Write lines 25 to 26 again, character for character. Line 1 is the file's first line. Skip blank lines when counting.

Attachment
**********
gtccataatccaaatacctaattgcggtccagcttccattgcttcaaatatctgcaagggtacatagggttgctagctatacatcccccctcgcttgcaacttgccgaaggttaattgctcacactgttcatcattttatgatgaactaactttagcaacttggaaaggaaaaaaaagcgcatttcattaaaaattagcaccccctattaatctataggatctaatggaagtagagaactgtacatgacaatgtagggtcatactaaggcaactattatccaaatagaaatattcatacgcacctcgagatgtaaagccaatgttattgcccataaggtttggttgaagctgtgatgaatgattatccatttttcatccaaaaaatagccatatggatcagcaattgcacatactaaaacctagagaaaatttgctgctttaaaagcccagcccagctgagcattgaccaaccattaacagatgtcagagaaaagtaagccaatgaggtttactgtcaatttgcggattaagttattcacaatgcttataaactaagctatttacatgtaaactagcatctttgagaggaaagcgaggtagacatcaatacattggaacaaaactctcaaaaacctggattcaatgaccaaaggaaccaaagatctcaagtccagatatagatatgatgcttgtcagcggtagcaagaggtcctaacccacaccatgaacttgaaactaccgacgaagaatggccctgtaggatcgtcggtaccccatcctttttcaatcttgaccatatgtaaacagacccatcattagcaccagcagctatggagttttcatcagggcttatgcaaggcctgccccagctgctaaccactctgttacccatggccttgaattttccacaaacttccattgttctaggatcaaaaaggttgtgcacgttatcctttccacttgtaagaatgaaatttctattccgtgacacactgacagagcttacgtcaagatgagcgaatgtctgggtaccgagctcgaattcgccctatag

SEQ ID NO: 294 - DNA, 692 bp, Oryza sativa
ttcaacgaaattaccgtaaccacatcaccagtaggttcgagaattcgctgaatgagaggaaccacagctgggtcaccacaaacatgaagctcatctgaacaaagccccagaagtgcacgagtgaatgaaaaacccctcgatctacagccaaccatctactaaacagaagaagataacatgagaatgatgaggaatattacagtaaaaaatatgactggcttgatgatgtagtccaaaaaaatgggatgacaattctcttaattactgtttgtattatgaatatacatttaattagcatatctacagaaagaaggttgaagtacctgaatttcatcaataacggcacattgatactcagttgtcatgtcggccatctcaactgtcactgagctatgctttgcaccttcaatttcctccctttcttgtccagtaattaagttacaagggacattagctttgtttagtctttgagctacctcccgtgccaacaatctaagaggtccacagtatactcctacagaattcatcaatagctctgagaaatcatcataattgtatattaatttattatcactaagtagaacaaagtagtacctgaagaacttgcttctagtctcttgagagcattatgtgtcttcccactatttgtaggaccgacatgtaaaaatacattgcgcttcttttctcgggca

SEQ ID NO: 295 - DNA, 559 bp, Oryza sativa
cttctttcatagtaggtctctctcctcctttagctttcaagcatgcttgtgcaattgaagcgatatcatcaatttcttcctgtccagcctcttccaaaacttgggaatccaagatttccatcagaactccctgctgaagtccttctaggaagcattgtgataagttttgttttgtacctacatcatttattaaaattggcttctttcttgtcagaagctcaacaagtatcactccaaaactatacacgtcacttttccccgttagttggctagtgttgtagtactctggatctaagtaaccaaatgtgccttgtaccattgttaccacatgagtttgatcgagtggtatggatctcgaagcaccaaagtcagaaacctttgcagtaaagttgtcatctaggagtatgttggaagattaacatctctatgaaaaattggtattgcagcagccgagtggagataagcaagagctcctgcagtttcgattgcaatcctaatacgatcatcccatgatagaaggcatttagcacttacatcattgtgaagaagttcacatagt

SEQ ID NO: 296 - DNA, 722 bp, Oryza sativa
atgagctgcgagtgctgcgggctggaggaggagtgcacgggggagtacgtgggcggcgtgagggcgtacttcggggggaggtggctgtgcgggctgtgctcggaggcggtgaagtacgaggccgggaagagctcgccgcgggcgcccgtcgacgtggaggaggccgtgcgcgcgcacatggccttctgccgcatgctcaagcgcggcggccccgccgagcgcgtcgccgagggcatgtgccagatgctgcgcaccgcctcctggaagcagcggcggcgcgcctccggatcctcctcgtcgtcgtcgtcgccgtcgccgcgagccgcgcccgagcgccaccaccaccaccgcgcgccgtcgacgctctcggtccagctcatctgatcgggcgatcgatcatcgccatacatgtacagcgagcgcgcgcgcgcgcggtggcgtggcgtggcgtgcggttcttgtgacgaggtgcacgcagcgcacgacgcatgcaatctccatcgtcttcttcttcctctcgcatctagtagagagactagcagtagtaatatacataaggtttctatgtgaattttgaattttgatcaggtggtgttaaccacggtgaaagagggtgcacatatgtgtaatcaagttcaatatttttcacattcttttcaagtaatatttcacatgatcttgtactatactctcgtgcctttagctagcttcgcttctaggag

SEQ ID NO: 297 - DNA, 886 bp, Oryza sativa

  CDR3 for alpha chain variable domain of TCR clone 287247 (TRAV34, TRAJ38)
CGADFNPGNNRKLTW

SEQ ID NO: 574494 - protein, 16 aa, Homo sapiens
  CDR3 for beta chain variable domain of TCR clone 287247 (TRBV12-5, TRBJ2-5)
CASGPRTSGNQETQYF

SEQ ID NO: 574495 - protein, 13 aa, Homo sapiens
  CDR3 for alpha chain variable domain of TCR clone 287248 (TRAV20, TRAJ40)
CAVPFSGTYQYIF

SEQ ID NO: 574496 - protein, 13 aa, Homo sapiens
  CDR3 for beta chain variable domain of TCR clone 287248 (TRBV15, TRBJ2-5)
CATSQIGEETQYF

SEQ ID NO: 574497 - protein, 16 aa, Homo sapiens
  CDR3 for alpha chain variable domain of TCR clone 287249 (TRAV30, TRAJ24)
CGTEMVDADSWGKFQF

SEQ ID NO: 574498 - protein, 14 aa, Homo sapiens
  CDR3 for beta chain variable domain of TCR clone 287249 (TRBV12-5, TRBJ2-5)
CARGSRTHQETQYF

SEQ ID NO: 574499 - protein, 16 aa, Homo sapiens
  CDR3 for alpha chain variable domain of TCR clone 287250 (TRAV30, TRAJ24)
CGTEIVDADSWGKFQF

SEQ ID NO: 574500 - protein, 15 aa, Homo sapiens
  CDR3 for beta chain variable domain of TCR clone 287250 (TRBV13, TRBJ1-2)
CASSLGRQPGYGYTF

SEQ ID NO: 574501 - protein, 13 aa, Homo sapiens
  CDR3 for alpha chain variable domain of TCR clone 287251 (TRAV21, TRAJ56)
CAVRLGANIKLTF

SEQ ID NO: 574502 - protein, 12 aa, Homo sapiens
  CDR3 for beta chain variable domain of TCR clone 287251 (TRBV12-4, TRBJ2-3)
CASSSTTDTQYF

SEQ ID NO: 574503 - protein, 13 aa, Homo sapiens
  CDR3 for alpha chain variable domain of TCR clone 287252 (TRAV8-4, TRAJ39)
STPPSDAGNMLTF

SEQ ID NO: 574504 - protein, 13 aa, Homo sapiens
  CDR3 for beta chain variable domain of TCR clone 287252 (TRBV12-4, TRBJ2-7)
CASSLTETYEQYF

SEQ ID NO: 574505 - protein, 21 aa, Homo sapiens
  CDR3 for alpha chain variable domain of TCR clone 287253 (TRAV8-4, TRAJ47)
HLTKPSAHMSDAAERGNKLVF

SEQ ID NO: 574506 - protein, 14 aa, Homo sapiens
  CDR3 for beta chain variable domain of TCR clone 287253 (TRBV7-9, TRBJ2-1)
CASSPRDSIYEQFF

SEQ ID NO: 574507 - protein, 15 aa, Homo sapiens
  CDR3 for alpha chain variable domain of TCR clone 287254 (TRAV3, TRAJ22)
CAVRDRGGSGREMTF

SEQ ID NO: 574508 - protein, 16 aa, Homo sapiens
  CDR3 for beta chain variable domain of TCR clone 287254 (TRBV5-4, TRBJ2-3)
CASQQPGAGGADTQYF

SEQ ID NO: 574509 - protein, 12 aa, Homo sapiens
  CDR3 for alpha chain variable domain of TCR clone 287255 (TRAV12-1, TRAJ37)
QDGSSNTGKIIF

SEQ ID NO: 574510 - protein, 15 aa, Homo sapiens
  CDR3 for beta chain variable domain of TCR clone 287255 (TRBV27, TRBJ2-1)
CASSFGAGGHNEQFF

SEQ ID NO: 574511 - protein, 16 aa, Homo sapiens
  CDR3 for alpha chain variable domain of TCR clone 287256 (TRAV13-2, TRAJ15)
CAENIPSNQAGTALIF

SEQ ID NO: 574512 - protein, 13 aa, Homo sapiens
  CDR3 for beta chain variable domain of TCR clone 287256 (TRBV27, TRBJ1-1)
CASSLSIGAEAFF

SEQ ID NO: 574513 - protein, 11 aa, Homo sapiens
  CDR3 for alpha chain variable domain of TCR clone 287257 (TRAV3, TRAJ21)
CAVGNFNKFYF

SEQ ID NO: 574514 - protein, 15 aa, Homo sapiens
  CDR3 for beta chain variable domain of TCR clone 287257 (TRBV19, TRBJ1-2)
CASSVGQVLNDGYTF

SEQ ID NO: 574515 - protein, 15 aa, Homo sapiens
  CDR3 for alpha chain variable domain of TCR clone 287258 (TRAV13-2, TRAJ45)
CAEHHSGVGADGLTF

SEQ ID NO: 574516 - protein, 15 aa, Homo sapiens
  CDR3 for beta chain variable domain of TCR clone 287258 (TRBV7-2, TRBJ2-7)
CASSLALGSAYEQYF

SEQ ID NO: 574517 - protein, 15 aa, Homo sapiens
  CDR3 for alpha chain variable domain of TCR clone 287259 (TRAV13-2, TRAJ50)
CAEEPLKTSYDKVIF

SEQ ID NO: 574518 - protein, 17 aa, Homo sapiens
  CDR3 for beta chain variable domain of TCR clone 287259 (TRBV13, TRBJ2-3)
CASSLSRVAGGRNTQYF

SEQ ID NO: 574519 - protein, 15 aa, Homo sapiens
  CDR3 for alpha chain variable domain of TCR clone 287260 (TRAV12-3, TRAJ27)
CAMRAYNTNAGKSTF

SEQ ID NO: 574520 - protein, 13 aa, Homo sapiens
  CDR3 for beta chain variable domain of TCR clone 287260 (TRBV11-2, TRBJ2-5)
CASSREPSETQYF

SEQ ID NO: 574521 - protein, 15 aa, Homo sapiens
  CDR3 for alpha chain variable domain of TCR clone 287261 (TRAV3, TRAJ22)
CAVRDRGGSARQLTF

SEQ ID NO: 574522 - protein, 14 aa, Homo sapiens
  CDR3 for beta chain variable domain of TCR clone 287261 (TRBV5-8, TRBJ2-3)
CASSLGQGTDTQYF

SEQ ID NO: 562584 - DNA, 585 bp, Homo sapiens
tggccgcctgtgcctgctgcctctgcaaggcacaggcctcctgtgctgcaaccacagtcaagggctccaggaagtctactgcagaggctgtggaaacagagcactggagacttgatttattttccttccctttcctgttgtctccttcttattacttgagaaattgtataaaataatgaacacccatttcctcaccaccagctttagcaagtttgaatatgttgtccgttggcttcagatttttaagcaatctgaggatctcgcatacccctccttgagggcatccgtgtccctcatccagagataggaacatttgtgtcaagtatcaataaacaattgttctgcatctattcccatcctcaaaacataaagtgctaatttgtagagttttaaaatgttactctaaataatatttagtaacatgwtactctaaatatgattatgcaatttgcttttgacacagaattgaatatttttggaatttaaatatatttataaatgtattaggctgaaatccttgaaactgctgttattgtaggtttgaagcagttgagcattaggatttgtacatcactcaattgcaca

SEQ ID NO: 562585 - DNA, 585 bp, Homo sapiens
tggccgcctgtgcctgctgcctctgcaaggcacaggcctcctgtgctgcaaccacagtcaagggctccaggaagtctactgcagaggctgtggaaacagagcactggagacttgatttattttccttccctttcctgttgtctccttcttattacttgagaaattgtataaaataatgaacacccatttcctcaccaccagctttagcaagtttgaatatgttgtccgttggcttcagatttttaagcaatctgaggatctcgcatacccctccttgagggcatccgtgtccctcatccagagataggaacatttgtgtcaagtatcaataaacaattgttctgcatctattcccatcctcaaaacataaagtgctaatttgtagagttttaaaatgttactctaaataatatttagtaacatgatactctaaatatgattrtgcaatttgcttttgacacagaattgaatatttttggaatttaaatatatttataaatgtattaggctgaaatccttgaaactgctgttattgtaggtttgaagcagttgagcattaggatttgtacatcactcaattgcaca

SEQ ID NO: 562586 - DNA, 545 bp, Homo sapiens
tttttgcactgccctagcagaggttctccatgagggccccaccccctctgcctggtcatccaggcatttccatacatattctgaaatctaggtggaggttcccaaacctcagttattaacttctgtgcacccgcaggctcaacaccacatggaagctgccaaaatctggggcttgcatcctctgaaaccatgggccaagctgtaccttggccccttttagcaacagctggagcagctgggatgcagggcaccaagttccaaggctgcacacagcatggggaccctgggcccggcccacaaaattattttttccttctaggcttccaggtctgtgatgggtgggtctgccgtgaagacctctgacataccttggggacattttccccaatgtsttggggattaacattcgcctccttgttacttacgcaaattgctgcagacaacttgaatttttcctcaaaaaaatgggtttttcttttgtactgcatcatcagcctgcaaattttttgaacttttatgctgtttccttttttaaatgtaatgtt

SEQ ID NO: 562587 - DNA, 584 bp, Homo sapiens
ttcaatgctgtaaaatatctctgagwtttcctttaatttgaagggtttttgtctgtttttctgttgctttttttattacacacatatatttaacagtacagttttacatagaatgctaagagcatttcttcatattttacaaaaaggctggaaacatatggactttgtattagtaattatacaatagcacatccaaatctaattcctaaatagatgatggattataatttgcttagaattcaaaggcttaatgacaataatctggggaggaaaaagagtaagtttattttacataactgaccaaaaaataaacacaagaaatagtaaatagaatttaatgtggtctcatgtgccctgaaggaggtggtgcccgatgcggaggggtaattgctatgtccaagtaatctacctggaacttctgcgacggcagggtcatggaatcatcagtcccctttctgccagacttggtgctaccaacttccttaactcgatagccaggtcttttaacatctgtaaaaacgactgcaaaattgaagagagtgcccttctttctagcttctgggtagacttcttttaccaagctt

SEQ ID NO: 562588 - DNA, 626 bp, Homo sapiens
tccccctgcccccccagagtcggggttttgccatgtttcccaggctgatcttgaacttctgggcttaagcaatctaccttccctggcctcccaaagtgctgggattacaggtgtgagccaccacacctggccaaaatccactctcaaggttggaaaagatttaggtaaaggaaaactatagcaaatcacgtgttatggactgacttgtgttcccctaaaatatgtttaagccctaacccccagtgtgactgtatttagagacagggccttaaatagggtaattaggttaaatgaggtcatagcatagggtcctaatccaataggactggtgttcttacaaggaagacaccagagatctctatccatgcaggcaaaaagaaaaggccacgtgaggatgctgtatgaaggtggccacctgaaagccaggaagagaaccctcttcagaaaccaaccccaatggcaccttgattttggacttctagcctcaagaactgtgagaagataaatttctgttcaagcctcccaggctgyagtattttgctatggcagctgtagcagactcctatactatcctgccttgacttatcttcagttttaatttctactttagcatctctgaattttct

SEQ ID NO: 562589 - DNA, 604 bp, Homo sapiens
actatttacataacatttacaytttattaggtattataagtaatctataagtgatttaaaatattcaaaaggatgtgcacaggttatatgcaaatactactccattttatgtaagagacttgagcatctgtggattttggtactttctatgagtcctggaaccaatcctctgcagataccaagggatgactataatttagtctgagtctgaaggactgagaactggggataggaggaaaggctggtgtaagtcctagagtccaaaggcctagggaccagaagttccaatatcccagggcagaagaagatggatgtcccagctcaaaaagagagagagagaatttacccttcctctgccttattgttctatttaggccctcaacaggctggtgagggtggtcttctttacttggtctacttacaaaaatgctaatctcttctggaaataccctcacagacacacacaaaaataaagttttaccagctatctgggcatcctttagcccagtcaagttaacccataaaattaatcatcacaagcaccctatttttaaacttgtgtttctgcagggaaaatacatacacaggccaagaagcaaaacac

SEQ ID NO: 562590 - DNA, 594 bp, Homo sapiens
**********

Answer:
CARGSRTHQETQYF

SEQ ID NO: 574499 - protein, 16 aa, Homo sapiens